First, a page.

Bugs, Dolls & Engaging Work

Stars were bright when my granddaughter and her friend wound down a successful lightning bug hunt. The two girls put their florescent treasures in an orange and green bug holder with a two-way magnified viewer for easy and thorough bug inspections. (When I was a kid we used a quart-size Ball jar, anyways- back to the story.)

We sat in the family room that night. My granddaughter’s eyes were wide with excitement. She verbally examined each bug: “what makes it glow, why do the lights go on and off, why is this one, where do you think they go during the day?” all the while she was making big bug plans for tomorrow. Her friend was settled on the couch considering her diagnosis of her doll’s recurring health issues. She carefully covered the hard plastic body with a soft blue blanket, “Sarah needs her rest. She will be better tomorrow” she said quite seriously. The next day, both were fully engaged in more good kid work.

You need not see what someone is doing to know if it is his vocation,
You have only to watch his eyes: a cook mixing a sauce, a surgeon making a primary incision, a clerk completing a bill of lading,
All wear the same rapt expression, forgetting themselves in a function.
How beautiful it is, that eye-on-the-object look.

W.H. Auden

Page 57 of the May 2010 edition of the Harvard Business Review reports that the number of employees described as “highly disengaged” and looking for other employment opportunities has more than doubled – from 8% in 2007 to 21% at the end of 2009. This excellent article on retention recommended several actions an employer could take to re-engage their high performers, such as: more money, more big projects and more personal attention. However, one idea that seemed to be missing was the need for disengaged star employees to take some personal responsibility for their happiness.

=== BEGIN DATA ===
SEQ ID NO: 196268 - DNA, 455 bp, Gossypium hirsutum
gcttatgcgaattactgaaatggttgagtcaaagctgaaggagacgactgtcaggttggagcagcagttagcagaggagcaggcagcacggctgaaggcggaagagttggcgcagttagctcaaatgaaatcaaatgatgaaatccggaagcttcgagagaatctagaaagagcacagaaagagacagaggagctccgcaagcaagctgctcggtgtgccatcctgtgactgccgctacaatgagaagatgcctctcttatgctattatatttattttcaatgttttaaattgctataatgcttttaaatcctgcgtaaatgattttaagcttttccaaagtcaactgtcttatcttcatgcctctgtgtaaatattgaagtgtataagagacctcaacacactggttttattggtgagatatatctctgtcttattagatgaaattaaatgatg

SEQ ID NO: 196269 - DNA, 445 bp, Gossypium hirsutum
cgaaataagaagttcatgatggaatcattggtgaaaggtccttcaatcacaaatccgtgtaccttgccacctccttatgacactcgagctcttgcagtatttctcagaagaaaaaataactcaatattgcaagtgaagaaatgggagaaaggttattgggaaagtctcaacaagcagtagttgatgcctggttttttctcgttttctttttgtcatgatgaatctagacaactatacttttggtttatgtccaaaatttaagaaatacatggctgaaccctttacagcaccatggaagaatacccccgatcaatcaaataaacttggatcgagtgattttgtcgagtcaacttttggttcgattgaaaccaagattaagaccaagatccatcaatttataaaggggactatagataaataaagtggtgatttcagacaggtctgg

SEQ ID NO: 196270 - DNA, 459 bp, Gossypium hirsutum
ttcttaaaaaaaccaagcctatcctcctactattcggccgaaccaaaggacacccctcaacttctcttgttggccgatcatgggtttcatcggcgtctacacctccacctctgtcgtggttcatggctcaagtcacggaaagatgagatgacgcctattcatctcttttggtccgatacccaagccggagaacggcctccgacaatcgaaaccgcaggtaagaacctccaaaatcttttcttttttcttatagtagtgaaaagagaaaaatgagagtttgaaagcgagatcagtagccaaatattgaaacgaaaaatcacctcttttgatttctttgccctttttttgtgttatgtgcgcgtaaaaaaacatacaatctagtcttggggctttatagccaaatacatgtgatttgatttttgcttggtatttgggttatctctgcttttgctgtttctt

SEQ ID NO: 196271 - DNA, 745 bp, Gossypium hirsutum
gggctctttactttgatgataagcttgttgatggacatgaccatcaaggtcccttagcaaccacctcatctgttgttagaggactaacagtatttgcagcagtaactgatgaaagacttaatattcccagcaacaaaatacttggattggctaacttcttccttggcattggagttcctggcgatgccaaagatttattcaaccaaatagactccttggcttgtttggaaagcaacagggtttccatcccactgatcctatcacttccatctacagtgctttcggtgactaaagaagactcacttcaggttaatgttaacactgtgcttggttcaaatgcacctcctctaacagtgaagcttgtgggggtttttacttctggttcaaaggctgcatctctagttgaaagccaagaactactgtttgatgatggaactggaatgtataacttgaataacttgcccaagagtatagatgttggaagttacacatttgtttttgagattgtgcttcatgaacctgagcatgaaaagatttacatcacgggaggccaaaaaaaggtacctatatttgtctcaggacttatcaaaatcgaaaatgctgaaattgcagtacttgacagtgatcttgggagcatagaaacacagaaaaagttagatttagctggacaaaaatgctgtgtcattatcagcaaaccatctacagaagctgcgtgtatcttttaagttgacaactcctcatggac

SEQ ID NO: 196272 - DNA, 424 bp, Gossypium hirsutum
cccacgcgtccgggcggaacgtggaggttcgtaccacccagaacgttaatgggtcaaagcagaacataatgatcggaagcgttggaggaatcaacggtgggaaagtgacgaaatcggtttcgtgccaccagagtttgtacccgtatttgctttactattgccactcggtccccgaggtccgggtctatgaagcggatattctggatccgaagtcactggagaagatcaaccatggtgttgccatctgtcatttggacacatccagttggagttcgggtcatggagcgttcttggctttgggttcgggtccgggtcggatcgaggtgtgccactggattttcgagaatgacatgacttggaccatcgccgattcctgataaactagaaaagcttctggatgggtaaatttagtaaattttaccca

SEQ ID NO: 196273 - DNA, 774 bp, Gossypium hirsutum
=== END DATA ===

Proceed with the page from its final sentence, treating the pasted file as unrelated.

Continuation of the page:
Some professionals today may need to stop looking outside for career fulfillment and start looking inside a little more. In doing so, you might discover the kind of projects and people that make you feel most alive and regain that wonder filled eye-on-the-firefly, eye-on-the-doll, eye-on-the-object look from which no one can disengage you, but you.

Journal Entry: This weekend answer this question: “If you could spend a full day next week working on any creative project with any people you desire, with whom and what would you work on?” Write for five minutes. Don’t edit as you go. Open a clean page and answer this question again differently. Set your writing out of sight for a couple of days. Then read it aloud – alone . You may begin to see what you can do to become more beautifully engaged, where you are today, in your leadership and life.

 

Leadership and Life Journal: A new way to look at the important things you already know.